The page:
(Pseudonaja textilis)Highly Venomous

The Eastern Brown Snake is a large, robust, highly venomous, diurnal snake species responsible for more human fatalities than any other snake in Australia. Its alert, yet highly responsive nature ensures that any form of intimidation or aggressive notion towards the snake will result in a spectacular defensive "s" shaped posture. Although this posture is elicited as a defensive response this species will bite if pressed and, as the second most toxic land snake in the world the result for humans or pets can be fatal. It is quick to flee if given the opportunity


Red-bellied-Black-snake-007(Pseudechis porphyriacus)  Highly Venomous

The Red-bellied Black Snake is generally regarded by most experienced snake catchers as a reclusive species with a quite disposition even when handled, with its apparently fearsome reputation well overstated.. However, when pressed it will inflate and flatten the body and neck in an effort to intimidate a perceived aggressor. It is highly venomous and bites from this species should be treated immediately and attended to with correct first aid.



(Morelia spilota sub sp. mcdowelli)  Non Venomous

The Coastal Carpet python is the single largest snake species encountered throughout the Brisbane and Ipswich regions. It is non venomous and represents one of two pythons species found in the south east corner. A bite from this species although non envenomating can still cause considerable damage to humans. Armed with 80 backward facing teeth a bite from a large Carpet Python has the capacity to cause substantial lacerations and punctures. In one instance a snake catcher arrived at a Brookfield home only to find a male resident who attempted to capture a 3 metre Carpet Python had been bitten on the hand and was bleeding profusely. The bite had severed a major artery in the back of the hand and caused severe lacerations. A lengthy microsurgery was required. The power of these snakes should not be underestimated and the damage large specimens can cause to pets or people should always be considered.



(Dendrelaphis punctulata) Non-Venomous

The Common Tree Snake or often referred to as the Green Tree Snake is comparable to the Coastal Carpet Python when considering its ability to take advantage of the suburban environment and the many feeding and refugial resources it provides. Non venomous, Inoffensive and biting very infrequently the Common Tree Snake is the "darling" of Brisbane snakes. It's defensive arsenal is restricted to emitting a strong odor from the cloaca if handled firmly and if any bite is delivered the small teeth are incapable of causing more than a slight break to the skin. It's defenceless composition sees it a common target of cats and dogs which in most cases sees the death of the snake.



(Demansia psammophis)  Potentially Dangerous
The Yellow-faced Whip Snake is a small to medium sized snake species that is quick to flee at the first sign of a perceived threat. Its defensive posture is to simply pull the head back over the body in readiness however bites are usually only received where direct contact is made with the snake. It is a mildly venomous snake species that, in the case of small children, the elderly or those presenting with an anaphylactic response to its venom may be potentially dangerous. Bites generally involve localised pain and swelling which may extend across a significant portion of the effected limb but more severe symptoms may be experienced. In all cases it is strongly advised that bites be treated with correct first aid and medical attention sought immediately.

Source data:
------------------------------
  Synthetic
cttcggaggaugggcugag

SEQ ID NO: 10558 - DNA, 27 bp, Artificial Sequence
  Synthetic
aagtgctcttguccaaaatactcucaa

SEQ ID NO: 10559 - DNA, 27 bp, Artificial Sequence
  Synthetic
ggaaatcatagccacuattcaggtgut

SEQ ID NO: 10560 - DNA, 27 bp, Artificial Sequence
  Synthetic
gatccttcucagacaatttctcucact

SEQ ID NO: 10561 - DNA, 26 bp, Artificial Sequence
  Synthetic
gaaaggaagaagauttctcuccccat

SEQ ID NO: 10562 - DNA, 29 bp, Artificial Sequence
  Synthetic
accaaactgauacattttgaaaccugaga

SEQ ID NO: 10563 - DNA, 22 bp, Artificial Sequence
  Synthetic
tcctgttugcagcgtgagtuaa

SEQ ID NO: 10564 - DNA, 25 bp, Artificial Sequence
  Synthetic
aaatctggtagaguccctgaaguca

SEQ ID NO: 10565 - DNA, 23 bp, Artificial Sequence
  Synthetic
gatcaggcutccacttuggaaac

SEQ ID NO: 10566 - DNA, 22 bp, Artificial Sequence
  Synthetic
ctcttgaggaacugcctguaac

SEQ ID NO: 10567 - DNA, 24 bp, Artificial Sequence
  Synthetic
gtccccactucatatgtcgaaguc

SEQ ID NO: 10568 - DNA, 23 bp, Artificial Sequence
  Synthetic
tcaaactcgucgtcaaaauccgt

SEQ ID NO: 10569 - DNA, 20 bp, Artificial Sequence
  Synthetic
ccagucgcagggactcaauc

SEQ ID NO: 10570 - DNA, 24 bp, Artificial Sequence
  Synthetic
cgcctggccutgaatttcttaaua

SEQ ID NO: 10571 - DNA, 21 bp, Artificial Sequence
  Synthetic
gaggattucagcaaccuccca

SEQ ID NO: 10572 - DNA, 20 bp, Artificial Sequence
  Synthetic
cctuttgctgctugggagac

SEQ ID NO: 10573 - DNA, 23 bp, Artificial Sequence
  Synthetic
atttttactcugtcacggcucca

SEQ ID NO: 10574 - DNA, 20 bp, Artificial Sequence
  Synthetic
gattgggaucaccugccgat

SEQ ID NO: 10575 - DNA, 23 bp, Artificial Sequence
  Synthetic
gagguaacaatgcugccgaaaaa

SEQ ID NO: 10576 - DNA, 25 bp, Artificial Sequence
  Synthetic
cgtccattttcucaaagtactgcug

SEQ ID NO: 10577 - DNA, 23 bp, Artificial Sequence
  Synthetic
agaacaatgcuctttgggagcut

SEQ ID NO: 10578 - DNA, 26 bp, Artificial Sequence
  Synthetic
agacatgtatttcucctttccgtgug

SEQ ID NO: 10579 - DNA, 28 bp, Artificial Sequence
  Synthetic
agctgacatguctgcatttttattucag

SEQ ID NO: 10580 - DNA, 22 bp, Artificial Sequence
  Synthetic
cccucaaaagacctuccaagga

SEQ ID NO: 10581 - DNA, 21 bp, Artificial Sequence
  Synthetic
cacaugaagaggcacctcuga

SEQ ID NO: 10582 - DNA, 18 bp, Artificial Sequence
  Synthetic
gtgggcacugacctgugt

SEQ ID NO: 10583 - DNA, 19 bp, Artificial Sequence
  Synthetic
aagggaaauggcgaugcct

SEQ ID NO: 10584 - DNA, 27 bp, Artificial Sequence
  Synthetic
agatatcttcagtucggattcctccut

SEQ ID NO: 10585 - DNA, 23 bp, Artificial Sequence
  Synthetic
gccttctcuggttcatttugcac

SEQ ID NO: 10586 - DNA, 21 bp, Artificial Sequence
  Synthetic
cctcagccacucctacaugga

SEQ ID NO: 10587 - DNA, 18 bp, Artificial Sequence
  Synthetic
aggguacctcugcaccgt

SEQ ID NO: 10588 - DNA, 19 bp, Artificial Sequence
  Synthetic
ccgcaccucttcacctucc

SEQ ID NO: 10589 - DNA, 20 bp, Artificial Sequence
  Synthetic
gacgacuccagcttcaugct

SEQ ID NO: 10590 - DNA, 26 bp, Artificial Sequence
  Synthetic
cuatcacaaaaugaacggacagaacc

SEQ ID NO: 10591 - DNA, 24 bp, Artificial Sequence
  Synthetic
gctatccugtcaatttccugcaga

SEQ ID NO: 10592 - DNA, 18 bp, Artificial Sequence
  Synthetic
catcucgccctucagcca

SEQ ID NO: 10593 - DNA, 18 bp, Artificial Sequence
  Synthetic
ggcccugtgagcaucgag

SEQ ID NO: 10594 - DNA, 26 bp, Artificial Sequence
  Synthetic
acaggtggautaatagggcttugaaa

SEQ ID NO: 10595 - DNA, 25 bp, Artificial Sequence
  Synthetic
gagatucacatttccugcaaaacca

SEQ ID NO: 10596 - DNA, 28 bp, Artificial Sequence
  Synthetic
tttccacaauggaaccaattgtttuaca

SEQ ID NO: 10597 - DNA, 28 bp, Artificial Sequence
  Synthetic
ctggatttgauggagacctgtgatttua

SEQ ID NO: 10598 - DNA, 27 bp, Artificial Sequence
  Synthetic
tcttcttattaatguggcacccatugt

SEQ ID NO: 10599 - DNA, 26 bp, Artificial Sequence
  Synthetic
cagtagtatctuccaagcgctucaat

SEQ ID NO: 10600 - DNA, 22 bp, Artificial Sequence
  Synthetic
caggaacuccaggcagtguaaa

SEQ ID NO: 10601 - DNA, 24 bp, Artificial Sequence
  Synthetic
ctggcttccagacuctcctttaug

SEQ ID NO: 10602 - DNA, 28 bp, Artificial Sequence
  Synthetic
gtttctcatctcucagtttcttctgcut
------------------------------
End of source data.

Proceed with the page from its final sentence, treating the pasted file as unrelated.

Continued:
Brown Tree snake(Boiga irregularis) Weakly Venomous
Other common names: Night Tiger, Dolls Eye Snake, Eastern Brown Tree Snake.

The Brown Tree Snake is generally an elusive species within suburban areas, that when provoked will present a spectacular defensive display. The forebody is raised off the ground in a classic ā€œSā€ posture and is often coupled with striking if intimidated. Conjecture surrounds the toxicity of this species with most reputable authorities regarding it as a minimal risk to all but young children or those with a marked anaphylaxis. As they are rear fanged envenomating bites are rare with medically significant bites very uncommon.



(Tropidonophis mairii)
Other common names: Freshwater Snake, Water Snake, Swamp Tiger.

Significance to Humans: Non-venomous
Reluctant to bite but will if handled firmly. Generally strikes with mouth closed. Emits a strong odor from the cloaca if handled firmly.


Golden Crowned Snake

(Cacophis squamulosus)
Other comm0n names: Crowned Snake.

Significance to Humans: Weakly Venomous
Possible Danger. All crowned snakes are reluctant biters. They will rear up in bluff display & may 'mock strike' with mouth closed. The Golden Crowned is the largest Crowned snake & will bite if highly provoked. As with any snake bite apply correct first aid and seek medical attention.


Marsh snake

(Hemiaspis signata)
Other common names: Black-bellied Swamp Snake, Swamp Snake and Grass Snake.

Significance to Humans: Mildly Venomous
Bites from this species have been known to cause severe local symptoms such as pain & swelling, with more general reactions such as headaches and nausea also recorded. All bites should still be treated immediately and attended to with correct first aid.


White Crowned

(Cacophis harriettae)
Other common names: Crowned Snake.

Significance to Humans: Weakly Venomous
Not considered dangerous to humans. All crowned snakes are reluctant biters, relying more on bluff display than bite. They are weakly venomous and have tiny mouths and short fangs. They will generally rear up & 'mock strike' with mouth closed, more of a 'head butt'. If bitten, as with any snake bite, apply correct first aid and seek medical attention.